MIDVALE — At the moment, the American dream is out of reach for Don and Toni Roberts.
Their immediate goal is to obtain the proof of identification they need to apply for an apartment at Palmer Court, a permanent supportive housing facility operated by nonprofit organization The Road Home.
For now, the couple and their 5-year-old daughter live at the Road Home's winter overflow shelter, which opened early to accommodate a growing number of families who needed shelter. The shelter had been scheduled to open on Nov. 1.
"It's certainly not because of the weather," said Matt Minkevitch, executive director of The Road Home, of the early opening. "It's because of need."
Don Roberts has been out of work for three years. He went from working 40 hours a week at a convenience store to just 20. "You can't support a family on 20 hours a week," he said Wednesday.
He's now seeking work to better provide for his family. His wife is pregnant and his daughter was recently diagnosed with attention deficit disorder. The family's two-year plan is to move to Palmer Court and save enough money to get a place of their own.
While living in a warehouse full of double beds in the company of 38 other families is hard, it's a step up from living on the streets, as the Roberts did briefly this year.
The Roberts, who came to Utah from Arizona, have lived in homeless shelters four times in the past three years. The population of homeless people they have encountered has changed considerably because of the economic downturn, he said.
They've met many people who are living in homeless shelters for the very first time due to the loss of their jobs or homes — usually both. "They come into shelter and you can see the fear in their eyes," Don Roberts said.
Minkevitch said The Road Home is also experiencing an uptick in the number of single individuals seeking assistance as the economy continues to lag.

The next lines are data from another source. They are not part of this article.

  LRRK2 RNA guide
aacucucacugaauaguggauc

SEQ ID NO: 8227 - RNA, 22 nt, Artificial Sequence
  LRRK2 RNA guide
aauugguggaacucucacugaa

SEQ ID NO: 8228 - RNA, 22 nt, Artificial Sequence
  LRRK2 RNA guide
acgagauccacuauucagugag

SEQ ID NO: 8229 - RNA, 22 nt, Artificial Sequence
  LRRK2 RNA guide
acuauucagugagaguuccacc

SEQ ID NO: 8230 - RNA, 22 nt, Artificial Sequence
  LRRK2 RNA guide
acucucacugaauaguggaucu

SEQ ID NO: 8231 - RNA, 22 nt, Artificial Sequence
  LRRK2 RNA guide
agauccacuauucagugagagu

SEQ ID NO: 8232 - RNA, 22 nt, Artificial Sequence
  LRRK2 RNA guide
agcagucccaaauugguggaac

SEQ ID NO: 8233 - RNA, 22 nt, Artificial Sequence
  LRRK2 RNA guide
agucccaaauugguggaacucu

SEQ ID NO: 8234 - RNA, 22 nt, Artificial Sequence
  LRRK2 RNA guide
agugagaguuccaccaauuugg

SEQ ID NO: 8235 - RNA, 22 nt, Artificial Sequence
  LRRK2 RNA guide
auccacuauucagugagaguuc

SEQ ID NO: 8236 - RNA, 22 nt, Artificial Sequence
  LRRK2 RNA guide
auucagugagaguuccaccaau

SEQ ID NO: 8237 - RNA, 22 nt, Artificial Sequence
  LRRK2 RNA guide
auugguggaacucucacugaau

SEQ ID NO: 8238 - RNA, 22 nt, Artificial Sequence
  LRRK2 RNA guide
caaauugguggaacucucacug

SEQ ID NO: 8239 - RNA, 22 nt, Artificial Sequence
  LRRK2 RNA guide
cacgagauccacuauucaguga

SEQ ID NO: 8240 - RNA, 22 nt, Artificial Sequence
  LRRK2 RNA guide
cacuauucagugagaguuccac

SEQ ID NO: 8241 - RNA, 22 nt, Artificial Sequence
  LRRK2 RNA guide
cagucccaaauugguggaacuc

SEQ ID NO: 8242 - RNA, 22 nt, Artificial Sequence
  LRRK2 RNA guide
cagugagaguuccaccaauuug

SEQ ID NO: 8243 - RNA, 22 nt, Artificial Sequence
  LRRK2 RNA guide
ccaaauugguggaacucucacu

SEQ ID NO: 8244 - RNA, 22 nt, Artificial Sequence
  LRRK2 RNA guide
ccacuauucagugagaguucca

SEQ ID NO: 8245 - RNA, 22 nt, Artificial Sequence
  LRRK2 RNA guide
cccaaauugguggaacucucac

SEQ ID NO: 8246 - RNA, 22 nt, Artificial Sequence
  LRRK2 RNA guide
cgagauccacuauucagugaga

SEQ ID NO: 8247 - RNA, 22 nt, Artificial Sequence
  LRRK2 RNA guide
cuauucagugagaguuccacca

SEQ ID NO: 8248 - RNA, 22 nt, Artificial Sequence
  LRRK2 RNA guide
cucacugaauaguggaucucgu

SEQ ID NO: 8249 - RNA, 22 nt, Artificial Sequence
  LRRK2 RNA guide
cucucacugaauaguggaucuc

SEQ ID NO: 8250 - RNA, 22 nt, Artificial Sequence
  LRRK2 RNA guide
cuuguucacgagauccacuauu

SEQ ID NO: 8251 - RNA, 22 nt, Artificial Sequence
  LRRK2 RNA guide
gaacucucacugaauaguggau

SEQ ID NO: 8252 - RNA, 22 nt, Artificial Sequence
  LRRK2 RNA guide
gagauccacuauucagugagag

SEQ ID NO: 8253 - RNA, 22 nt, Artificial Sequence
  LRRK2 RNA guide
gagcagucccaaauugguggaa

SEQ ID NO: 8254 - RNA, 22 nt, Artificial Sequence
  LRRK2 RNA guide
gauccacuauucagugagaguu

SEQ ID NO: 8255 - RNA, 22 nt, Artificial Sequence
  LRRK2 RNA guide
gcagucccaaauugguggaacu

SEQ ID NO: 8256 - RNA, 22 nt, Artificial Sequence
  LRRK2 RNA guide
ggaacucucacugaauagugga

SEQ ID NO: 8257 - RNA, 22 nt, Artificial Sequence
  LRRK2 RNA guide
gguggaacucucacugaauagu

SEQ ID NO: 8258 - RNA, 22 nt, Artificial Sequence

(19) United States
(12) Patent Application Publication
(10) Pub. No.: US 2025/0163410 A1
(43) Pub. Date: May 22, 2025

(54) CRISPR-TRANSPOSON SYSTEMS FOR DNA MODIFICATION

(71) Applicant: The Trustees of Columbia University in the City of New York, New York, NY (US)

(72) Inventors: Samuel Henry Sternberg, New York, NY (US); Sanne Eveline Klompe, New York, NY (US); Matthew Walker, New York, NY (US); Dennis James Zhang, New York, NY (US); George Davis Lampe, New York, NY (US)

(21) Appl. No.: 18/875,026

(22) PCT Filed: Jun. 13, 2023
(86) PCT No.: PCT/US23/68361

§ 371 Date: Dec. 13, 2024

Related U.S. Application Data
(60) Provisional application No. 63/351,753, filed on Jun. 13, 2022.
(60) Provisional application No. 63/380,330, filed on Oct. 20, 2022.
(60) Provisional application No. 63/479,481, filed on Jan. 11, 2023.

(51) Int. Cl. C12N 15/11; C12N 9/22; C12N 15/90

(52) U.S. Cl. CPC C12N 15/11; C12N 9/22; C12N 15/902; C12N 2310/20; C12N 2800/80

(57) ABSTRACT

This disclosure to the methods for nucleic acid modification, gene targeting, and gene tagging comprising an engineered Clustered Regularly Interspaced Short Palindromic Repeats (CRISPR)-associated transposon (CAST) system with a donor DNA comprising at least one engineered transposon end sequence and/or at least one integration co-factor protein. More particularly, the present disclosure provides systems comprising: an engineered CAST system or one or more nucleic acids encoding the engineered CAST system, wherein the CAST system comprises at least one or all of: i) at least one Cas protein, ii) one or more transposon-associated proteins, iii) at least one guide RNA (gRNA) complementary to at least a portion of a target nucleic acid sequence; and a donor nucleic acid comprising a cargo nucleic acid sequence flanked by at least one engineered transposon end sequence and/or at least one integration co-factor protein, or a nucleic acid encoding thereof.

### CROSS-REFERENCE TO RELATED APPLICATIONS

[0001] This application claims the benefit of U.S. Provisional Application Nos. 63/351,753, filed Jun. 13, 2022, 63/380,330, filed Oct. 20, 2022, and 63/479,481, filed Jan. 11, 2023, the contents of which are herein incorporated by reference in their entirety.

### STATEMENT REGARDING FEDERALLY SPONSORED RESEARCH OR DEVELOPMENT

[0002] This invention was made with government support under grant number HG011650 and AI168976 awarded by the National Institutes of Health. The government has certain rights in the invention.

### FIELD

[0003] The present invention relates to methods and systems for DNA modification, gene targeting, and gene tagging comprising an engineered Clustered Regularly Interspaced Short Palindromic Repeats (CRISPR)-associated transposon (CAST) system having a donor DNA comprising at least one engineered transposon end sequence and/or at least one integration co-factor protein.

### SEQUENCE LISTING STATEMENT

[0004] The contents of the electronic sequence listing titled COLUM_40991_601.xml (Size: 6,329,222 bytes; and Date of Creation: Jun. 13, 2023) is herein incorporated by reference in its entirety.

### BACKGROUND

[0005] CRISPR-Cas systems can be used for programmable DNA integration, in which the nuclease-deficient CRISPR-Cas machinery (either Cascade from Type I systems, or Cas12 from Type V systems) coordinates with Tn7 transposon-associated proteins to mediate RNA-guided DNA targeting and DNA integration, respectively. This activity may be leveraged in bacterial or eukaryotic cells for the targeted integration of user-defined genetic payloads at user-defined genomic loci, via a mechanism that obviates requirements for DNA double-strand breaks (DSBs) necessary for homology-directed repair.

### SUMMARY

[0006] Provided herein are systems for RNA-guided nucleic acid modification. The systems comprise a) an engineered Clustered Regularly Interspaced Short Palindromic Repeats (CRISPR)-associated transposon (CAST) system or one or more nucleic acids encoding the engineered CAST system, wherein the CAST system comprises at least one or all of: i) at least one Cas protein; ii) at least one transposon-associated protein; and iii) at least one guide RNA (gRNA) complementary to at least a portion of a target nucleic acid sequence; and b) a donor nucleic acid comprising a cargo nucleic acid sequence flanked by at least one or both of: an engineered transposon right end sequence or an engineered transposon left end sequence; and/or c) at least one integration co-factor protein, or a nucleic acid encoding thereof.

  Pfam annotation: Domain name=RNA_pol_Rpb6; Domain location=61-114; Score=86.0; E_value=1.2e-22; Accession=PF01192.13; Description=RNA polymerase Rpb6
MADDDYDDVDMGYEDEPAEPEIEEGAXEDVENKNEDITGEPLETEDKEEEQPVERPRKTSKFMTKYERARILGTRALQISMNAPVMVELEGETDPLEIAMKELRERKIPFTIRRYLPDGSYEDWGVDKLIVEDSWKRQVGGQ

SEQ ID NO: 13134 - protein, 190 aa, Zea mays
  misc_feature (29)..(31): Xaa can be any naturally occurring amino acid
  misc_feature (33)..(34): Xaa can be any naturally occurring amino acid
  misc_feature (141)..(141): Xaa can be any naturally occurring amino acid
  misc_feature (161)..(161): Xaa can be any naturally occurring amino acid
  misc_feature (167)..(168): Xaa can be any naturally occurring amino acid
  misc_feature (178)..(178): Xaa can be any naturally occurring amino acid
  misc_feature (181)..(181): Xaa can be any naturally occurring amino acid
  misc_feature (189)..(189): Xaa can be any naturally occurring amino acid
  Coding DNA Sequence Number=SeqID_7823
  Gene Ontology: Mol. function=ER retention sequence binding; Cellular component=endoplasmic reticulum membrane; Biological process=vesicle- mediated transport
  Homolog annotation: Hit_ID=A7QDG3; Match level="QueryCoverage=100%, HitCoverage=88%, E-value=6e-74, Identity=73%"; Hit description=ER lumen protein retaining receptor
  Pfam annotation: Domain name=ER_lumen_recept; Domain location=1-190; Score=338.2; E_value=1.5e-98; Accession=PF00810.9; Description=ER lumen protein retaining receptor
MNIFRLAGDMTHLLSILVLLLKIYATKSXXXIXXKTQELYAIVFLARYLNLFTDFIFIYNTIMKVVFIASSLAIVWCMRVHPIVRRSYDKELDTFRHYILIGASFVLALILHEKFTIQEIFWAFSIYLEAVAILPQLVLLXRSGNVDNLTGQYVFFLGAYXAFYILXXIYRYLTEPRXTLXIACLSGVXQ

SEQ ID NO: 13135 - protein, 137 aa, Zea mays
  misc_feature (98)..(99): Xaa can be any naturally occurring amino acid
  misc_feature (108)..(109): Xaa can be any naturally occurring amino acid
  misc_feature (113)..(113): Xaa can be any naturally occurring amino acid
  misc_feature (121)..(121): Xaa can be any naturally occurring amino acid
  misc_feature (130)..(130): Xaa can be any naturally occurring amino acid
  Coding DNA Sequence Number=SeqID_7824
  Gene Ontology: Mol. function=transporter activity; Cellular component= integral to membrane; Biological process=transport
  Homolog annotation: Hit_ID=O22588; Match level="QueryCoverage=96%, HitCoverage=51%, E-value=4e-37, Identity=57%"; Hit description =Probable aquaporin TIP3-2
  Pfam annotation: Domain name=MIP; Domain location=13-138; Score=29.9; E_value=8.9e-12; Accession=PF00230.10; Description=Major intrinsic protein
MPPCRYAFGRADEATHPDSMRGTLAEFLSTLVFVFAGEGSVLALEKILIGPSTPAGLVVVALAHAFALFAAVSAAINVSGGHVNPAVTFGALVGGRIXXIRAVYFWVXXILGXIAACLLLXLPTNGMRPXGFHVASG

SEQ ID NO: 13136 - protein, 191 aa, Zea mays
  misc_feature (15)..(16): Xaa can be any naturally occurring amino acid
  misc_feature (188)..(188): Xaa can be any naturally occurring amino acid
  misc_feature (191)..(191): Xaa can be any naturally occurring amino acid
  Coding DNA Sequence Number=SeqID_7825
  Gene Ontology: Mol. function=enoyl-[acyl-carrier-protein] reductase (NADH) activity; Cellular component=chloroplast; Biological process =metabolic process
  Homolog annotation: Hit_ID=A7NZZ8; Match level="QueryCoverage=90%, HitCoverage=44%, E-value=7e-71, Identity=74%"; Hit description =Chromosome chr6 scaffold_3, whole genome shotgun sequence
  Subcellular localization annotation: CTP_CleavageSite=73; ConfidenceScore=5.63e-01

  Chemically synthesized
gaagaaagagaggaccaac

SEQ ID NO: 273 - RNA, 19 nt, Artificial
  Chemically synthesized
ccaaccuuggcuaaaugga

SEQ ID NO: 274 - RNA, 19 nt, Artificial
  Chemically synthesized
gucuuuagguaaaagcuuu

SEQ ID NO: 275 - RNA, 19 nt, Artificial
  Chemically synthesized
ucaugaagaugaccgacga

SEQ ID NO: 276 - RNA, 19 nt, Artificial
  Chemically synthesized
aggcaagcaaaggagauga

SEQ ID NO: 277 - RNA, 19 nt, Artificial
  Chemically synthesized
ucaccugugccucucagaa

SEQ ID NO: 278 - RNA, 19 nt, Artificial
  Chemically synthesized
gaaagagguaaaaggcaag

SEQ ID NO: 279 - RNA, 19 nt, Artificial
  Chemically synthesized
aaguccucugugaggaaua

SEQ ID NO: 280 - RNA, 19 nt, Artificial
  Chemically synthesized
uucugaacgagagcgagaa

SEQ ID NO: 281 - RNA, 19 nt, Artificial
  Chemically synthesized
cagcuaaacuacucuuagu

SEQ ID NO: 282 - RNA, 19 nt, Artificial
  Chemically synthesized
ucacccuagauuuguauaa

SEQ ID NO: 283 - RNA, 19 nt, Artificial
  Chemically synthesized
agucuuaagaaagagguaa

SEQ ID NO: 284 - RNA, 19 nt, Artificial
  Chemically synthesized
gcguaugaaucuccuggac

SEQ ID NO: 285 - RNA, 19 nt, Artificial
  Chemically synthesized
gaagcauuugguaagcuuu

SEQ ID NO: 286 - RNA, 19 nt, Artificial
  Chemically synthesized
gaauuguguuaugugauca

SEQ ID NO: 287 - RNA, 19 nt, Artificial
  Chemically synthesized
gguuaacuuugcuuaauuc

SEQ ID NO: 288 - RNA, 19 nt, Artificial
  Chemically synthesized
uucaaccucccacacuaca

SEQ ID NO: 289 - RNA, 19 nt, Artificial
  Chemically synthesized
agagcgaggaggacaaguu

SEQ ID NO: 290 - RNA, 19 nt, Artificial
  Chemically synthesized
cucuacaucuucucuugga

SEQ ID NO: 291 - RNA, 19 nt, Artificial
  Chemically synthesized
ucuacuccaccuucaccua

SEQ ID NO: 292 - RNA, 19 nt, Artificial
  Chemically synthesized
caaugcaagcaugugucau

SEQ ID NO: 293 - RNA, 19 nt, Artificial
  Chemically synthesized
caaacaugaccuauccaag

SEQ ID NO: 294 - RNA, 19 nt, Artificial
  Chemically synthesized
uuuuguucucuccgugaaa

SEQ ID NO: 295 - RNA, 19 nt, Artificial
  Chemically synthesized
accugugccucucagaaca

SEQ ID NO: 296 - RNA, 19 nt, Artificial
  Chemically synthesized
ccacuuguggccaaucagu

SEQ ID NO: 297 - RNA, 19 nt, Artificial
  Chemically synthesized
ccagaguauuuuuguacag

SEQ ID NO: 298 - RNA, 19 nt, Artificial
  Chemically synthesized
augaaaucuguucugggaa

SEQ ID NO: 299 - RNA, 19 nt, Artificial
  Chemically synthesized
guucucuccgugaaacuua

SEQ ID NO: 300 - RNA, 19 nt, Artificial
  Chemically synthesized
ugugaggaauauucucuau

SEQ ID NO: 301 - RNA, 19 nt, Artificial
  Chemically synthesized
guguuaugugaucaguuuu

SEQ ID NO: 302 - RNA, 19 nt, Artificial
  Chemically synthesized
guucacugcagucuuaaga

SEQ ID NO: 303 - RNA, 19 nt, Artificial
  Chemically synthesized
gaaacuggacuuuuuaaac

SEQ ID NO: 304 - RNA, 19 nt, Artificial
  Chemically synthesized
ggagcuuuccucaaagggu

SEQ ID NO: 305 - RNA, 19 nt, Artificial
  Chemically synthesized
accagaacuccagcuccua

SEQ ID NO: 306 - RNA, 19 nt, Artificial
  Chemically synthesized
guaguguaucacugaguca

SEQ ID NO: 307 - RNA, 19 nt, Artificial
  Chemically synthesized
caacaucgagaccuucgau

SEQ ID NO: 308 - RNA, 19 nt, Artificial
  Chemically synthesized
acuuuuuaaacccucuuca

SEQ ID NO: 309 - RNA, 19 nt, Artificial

"It's going to be very challenging. We've got a lot of families that don’t have any employment," Minkevitch said.
The good news is the state's "housing first" practice has placed a significant number of the state's chronically homeless individuals in permanent supportive housing. That has opened more emergency beds to help individuals and families on a short-term basis. About 88 percent of people who seek services at The Road Home experience one or two episodes of homelessness and "then, they move on," Minkevitch said.
The 12 percent of "chronic homeless" are in permanent supportive housing. "They don't come back into shelter either," Minkevitch said.
That cushion means there's space to cope with the emergent need for shelter by homeless families and individuals, people that Lloyd Pendleton, director of the Utah Department of Community and Culture's statewide Homeless Task Force, describes as "the new homeless."
"They're at the end of their rope. The last stop is the shelter or their car."
Don Roberts said a year ago, the family was living in supportive housing but had to leave when they could no longer pay their utility bills. They've pawned most of their possessions.
Still, he appears optimistic that their family will get back on their feet. He's trying to figure out how to provide Christmas presents to his daughter. Mostly, he wants to find a job.
"I've never had my own place. That's my dream," he said.
It's challenging but possible, Minkevitch said. Over the years, he has watched many homeless people turn their lives around — with a little short-term help.
"It never ceases to amaze me when I see these families chip their way out of it," Minkevitch said.